As you accurately put it: “It is time for the British people to have their say.” We hope that they will get the opportunity to do so on the basis of facts.  We hope you may be able to answer our questions, so that everyone – including other member States – develops a better understanding of what kind of EU reform you are advocating.

Yours sincerely,

Anthony Arnull (Birmingham)     Catherine Barnard (Cambridge)

Andrea Biondi (King’s College London)     Hugh Collins (LSE)

William Cornish (Cambridge)     Nicola Countouris (University College London)

Paul Craig (Oxford)     Egle Dagilyte (King’s College London)

Geert De Baere (Leuven)     Piet Eeckhout (University College London)

Pavlos Eleftheriadis (Oxford)     Amandine Garde (Durham)

Markus Gehring (Cambridge)     Alicia Hinarejos (Cambridge)

Angus Johnston (Oxford)     Claire Kilpatrick (European University Institute)

Panos Koutrakos (City University London)    Maria Lee (University College London)

George Letsas (University College London)     Virginia Mantouvalou (University College London)

Cian Murphy (King’s College London)     Ronan McCrea (University College London)

Eva Nanopoulos (Cambridge)     Niamh Nic Shuibhne (Edinburgh)

Federico Ortino (King’s College London)     Robert Schütze (Durham)

Joanne Scott (University College London)     Eleanor Spaventa (Durham)

Anne Thies (Reading)     Alexander Türk (King’s College London)

Lorenzo Zucca (King’s College London)

Suggested citation: G. de Baere and P. Eeckhout et al, ‘Europe, the Prime Minister, and the facts – seven questions for David Cameron’  UK Const. L. Blog (1st March 2013) (available at

5 comments on “De Baere and Eeckhout et al: Europe, the Prime Minister, and the facts – seven questions for David Cameron

  1. Caroline Brook Boysen
    March 2, 2013

    Indeed! But it is getting to the point where every time Cameron opens his mouth he puts his foot in it. It doesn’t look as if he’s a born liar – more that he just doesn’t put in the time, doesn’t know his dossiers – and then goes for the popular sound bite. The number of times he is reported as “chillaxing”, on holiday, “making rhubarb crumble”, on a sacred date with his sife, or mending his children’s bicycles is legion. And when attempting to reshuffle (Cabinet) Iain Duncan Smith away from “welfare” (awful word), Cameron didn’t see it through, explaining he was helping his son “write a poem about a bear” for his homework instead.

  2. mymouths2big
    March 2, 2013

    Why is this unconstitutional group not insist that the Government heeds the Constitution. The sole authority in Britain is her Majesty the Queen, whose contract is not with Government but with all of her individual subjects.
    Despite the huge constitutional issues raised by these events of 1937 and 1953, the essential words in the Oath sworn by The Queen were:
    “…to govern the peoples of the United Kingdom…according to their laws and customs.”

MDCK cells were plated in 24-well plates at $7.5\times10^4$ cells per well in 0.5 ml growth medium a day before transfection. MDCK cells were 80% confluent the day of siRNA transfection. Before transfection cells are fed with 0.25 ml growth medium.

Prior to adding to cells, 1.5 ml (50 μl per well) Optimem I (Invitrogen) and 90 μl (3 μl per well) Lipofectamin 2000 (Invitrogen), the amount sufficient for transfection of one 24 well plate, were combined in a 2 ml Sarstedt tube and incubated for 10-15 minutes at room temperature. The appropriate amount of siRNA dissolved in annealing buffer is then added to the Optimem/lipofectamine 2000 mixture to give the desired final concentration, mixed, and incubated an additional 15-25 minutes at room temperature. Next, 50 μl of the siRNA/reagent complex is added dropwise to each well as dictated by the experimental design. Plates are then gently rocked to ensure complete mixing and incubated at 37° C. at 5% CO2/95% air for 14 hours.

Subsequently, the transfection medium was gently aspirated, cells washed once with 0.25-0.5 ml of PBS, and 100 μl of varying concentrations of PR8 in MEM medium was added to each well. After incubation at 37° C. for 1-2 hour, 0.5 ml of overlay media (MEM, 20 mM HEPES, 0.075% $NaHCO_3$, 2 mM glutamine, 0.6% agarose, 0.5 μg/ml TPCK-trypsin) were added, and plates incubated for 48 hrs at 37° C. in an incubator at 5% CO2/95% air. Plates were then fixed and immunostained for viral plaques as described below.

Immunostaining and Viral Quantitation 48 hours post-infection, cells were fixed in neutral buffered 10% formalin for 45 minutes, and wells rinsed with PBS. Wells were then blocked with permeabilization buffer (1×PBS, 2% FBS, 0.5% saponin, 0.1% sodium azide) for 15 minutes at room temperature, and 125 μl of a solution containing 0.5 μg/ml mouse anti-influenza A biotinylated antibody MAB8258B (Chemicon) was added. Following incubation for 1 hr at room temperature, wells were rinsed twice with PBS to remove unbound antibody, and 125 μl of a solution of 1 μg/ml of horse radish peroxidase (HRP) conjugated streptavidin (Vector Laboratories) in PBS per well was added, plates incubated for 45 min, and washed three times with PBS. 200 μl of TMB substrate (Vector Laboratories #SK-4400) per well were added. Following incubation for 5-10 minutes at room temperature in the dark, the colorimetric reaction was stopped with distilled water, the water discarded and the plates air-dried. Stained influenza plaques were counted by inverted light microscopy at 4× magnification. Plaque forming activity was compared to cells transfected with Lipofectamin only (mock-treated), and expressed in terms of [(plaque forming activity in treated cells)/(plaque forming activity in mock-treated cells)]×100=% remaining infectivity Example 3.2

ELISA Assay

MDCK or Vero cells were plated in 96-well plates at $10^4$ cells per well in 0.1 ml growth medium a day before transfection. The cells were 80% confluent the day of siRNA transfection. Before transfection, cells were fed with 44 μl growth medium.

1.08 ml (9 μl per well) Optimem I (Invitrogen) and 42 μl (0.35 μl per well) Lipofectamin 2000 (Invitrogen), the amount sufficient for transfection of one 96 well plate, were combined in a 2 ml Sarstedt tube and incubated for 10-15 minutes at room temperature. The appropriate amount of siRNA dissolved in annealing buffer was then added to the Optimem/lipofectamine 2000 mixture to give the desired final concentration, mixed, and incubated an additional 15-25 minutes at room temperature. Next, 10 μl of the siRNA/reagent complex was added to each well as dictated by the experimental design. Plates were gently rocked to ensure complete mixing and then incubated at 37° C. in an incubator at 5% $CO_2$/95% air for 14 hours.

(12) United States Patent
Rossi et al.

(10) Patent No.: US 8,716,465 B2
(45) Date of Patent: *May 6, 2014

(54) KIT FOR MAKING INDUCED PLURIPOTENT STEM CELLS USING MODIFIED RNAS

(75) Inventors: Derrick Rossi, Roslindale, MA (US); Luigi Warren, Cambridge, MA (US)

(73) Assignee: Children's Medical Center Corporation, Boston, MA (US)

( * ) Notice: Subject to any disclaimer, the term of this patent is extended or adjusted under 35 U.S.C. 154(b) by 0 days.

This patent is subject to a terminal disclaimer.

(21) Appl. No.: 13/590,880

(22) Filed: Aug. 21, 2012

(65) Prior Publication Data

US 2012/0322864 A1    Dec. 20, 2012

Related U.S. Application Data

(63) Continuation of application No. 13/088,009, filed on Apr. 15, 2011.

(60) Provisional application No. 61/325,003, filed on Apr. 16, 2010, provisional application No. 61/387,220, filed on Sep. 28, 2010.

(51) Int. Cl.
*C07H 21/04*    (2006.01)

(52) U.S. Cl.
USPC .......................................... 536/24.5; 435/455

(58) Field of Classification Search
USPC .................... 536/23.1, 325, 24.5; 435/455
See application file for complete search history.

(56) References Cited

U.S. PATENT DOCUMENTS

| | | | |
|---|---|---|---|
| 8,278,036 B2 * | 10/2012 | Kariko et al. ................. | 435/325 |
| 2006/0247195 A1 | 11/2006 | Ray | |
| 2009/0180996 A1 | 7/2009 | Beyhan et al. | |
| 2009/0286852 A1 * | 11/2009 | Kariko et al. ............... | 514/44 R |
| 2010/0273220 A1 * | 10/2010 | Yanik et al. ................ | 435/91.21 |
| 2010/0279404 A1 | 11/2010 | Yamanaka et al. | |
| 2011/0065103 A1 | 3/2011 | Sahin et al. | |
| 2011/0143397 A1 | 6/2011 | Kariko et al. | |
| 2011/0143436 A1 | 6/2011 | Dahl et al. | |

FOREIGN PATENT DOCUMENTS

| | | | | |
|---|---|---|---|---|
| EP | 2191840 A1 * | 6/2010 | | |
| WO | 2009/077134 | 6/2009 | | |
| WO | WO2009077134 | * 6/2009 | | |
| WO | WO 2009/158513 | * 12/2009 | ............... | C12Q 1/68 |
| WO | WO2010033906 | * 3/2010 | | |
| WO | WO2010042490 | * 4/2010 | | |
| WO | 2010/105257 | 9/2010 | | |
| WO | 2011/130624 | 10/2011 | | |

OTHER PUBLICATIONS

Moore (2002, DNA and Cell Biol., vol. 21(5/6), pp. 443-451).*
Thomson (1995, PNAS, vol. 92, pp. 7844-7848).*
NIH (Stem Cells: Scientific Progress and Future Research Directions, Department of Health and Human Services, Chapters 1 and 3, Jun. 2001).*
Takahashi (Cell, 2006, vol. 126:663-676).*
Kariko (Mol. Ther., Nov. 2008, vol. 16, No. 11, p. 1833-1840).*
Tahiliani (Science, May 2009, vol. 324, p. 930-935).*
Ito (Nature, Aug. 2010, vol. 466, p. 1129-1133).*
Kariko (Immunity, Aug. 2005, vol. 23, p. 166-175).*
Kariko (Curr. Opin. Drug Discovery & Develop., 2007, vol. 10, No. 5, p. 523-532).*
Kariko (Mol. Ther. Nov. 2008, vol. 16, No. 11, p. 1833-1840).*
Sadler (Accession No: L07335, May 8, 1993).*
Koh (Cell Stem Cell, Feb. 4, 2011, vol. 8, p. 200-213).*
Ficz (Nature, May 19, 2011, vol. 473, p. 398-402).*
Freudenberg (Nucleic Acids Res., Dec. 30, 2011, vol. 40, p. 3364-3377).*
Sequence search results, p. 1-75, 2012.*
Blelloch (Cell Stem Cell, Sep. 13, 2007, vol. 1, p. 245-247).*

She also swore to preserve for the people…
    “all rights and privileges as by law do or shall appertain to any of them.”

    The Coronation Oath is not a contract between the sovereign and parliament. It is a contract between the sovereign and each individual subject. It cannot be broken by a vote in parliament. It can be broken only by the sovereign or by the individual.

    Iike all contracts, if one party to the contract believes the terms are at risk, the other party can be called to account.

    The law and Coronation Oath also states: “.And I do declare that no foreign prince, person, prelate, state or potentate hath or ought to have any jurisdiction, power, superiority, pre-eminence or authority, ecclesiastical or spiritual, within this realm. So help me God.”

    Therefore, lawfully the Queen cannot consent to allow her Government to act in High Treason, by allowing either the Lisbon, or Nice Treaties to be adopted. No referendum can override Magna carta, Bill of Rights, or remove our laws and custom, of sovereign independence..”

    Tony Butler

  3. Carol Harlow
    March 4, 2013

    There is another question I should like to see answered in some detail. Eurosceptics talk grandly about leaving the EU; Van Rompuy says that would be hard and might take several years. There is talk of needing to negotiate and sign up to 30+ treaties.

    How complicated would it really be?

  4. Brian Cave
    May 23, 2013

    And will the I million plus British Citizens living in Europe beyond the UK ever have a democratic voice in all this? It seems unlikely!

  5. Eile Gibson
    May 28, 2013

    UKIP and Daily Mail readers need to understand these issues, not merely David Cameron who I am sure is well aware of them. He is a politician in a coalition with particular difficulties with a minority of his backbenchers taking advantage of the situation, and playing a dangerous game.

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This entry was posted on March 1, 2013 by in European Union and tagged .